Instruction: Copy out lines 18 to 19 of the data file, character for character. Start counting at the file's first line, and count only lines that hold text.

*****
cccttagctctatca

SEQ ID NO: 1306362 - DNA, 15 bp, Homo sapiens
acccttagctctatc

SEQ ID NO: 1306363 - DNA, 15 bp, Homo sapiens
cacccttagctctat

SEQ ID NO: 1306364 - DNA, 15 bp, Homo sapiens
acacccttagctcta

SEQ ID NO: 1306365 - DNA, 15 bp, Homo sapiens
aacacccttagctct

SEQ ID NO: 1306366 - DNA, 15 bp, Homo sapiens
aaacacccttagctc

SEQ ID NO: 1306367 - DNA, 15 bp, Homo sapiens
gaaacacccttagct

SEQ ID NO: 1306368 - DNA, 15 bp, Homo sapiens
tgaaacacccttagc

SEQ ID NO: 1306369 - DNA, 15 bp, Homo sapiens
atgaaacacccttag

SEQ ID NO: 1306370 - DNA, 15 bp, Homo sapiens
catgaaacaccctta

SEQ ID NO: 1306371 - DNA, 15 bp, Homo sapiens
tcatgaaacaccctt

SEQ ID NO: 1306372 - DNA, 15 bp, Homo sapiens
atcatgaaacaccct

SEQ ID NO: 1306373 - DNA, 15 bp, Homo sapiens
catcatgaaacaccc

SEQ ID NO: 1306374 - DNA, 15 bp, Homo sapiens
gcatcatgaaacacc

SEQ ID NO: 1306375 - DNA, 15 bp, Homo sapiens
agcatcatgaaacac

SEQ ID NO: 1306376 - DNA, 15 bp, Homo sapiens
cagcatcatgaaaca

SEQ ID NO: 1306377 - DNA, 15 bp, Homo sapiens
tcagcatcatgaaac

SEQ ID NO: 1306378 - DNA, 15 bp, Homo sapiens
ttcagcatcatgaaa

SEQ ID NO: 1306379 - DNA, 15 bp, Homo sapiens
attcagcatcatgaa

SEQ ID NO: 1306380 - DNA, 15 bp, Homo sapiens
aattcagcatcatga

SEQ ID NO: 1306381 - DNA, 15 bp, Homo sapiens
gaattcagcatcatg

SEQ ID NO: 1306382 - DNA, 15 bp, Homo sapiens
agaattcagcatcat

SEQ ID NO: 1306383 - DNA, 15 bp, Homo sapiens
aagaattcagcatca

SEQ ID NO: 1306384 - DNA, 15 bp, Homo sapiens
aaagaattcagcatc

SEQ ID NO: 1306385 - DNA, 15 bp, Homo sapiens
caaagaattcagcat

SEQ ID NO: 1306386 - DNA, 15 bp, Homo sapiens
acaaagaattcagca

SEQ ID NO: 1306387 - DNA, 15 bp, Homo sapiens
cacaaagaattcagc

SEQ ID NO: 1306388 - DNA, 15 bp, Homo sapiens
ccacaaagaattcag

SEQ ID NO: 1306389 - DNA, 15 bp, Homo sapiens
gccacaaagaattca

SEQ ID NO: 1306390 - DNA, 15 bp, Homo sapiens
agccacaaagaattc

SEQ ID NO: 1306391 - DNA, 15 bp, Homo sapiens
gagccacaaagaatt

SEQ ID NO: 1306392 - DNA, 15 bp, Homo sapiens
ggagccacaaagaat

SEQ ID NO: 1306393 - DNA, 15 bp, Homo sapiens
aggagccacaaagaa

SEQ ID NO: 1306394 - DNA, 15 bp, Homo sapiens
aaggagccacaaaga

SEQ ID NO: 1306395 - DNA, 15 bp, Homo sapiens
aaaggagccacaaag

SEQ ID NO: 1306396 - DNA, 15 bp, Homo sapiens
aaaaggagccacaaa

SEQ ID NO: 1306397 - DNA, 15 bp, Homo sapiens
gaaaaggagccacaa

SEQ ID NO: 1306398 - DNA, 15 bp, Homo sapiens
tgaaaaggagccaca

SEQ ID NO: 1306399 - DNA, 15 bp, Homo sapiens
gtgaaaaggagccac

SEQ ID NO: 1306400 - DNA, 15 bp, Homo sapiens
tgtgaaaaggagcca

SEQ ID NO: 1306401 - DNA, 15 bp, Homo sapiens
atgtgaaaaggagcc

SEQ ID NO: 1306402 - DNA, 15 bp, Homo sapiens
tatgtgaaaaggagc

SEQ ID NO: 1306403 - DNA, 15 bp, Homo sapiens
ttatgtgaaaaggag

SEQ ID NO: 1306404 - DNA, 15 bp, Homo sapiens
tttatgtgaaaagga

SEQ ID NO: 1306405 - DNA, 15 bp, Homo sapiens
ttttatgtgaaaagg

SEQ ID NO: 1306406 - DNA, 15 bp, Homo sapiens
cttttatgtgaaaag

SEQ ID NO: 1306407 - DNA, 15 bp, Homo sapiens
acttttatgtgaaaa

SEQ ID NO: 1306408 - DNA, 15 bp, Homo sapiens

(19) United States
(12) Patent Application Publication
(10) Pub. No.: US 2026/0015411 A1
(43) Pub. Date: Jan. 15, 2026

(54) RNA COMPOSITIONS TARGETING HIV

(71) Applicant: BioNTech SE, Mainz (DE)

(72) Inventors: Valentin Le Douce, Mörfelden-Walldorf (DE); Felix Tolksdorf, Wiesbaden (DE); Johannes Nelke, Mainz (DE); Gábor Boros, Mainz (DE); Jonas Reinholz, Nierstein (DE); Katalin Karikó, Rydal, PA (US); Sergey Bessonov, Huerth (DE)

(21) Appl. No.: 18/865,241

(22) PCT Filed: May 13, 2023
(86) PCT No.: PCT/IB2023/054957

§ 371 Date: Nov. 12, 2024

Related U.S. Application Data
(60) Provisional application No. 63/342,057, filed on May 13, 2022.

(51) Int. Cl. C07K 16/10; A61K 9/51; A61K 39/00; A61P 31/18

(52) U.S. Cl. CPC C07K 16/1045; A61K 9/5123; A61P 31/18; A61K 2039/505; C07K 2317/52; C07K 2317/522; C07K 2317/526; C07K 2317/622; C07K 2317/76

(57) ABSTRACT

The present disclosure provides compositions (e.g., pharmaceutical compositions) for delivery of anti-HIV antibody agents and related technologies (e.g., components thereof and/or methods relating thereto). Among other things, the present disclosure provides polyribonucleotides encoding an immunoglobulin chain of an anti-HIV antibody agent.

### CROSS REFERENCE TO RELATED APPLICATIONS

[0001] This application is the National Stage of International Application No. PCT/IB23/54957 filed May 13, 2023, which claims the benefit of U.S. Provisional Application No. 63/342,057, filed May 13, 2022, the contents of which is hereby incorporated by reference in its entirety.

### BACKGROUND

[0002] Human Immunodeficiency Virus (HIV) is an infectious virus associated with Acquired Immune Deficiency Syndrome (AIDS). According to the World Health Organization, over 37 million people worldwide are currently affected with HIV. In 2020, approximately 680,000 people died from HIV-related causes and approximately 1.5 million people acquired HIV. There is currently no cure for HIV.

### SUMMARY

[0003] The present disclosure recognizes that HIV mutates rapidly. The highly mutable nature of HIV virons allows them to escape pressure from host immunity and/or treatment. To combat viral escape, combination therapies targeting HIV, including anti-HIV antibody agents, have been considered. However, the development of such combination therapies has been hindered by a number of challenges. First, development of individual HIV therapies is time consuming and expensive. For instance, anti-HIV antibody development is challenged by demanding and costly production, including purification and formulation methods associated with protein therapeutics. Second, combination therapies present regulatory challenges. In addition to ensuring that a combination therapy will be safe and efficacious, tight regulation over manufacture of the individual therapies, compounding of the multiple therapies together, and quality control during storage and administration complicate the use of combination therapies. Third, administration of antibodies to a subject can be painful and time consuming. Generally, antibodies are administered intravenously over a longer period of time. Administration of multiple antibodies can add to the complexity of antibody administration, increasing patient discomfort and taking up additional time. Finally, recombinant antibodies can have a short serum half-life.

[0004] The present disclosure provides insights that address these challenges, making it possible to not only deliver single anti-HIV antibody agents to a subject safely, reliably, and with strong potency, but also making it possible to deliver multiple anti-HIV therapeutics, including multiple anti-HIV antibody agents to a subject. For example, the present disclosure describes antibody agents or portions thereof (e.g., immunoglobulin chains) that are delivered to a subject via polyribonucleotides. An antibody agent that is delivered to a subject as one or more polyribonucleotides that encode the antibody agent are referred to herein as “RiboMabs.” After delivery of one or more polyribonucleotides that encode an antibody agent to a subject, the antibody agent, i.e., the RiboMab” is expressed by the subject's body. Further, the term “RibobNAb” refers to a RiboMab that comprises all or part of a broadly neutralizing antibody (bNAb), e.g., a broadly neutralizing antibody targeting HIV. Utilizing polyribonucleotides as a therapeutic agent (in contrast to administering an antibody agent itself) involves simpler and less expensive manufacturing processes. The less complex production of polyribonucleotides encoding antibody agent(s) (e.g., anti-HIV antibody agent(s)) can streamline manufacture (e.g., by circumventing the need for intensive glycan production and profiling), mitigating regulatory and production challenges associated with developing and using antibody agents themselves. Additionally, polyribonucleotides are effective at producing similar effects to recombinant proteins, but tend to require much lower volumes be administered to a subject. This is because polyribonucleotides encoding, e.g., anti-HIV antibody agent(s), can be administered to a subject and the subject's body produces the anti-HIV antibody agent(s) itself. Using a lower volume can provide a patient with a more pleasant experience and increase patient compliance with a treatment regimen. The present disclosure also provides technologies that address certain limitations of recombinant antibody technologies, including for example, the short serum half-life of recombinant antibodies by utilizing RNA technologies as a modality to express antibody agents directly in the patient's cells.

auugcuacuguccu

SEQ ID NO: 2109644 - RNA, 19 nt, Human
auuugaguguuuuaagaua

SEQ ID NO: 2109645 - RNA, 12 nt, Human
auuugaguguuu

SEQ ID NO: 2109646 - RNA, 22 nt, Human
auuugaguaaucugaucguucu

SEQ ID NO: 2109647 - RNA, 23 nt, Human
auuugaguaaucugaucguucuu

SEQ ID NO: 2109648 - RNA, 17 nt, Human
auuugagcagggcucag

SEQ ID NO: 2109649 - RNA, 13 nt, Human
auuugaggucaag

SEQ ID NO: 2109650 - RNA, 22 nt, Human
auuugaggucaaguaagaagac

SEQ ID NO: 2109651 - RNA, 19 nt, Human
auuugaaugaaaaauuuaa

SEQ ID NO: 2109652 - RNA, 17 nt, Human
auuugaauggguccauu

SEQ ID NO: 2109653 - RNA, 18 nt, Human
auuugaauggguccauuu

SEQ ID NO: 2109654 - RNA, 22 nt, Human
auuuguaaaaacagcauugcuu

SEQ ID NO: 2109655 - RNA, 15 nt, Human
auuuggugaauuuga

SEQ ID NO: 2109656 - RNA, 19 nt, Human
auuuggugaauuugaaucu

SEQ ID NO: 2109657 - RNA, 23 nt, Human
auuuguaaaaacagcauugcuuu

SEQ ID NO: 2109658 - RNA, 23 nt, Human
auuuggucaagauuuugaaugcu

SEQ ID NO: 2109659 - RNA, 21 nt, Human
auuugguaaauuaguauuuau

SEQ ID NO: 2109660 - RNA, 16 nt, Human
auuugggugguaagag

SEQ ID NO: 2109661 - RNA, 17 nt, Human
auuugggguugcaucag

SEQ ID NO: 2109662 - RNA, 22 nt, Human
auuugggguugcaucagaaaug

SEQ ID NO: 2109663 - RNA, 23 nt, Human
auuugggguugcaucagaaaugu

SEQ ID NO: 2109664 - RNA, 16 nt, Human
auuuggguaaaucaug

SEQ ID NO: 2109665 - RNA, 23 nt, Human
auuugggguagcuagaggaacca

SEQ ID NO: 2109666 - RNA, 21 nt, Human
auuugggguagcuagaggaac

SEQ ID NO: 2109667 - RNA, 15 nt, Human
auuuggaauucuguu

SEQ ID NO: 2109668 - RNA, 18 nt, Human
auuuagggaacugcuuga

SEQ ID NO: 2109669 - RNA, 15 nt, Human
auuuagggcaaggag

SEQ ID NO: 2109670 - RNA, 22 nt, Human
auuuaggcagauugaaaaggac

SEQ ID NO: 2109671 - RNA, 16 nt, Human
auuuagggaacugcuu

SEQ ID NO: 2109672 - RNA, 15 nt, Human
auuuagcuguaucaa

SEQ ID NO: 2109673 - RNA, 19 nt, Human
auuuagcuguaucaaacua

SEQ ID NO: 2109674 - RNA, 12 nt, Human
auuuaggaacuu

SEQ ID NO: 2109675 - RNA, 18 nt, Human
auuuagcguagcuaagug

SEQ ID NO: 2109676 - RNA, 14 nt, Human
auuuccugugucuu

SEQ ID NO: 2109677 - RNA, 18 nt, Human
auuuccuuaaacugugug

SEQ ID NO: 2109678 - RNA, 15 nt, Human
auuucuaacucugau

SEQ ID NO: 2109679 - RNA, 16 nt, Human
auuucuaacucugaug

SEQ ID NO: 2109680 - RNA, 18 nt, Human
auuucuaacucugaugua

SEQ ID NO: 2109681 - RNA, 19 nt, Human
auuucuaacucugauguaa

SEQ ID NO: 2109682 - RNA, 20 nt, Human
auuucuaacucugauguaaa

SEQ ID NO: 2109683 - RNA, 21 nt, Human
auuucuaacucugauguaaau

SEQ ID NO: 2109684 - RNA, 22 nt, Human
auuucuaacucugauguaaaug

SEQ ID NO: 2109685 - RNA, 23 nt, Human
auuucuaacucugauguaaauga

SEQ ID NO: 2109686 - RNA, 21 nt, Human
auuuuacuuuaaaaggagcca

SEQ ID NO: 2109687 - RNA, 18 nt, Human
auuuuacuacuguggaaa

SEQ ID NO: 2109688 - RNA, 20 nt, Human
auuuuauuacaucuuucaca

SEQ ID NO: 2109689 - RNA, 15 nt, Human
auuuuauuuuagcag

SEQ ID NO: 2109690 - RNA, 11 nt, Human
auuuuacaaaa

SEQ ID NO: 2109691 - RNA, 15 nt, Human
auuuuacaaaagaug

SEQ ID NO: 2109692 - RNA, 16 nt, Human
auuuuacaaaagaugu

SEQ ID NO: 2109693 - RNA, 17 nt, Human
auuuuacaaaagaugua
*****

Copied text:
SEQ ID NO: 1306370 - DNA, 15 bp, Homo sapiens
catgaaacaccctta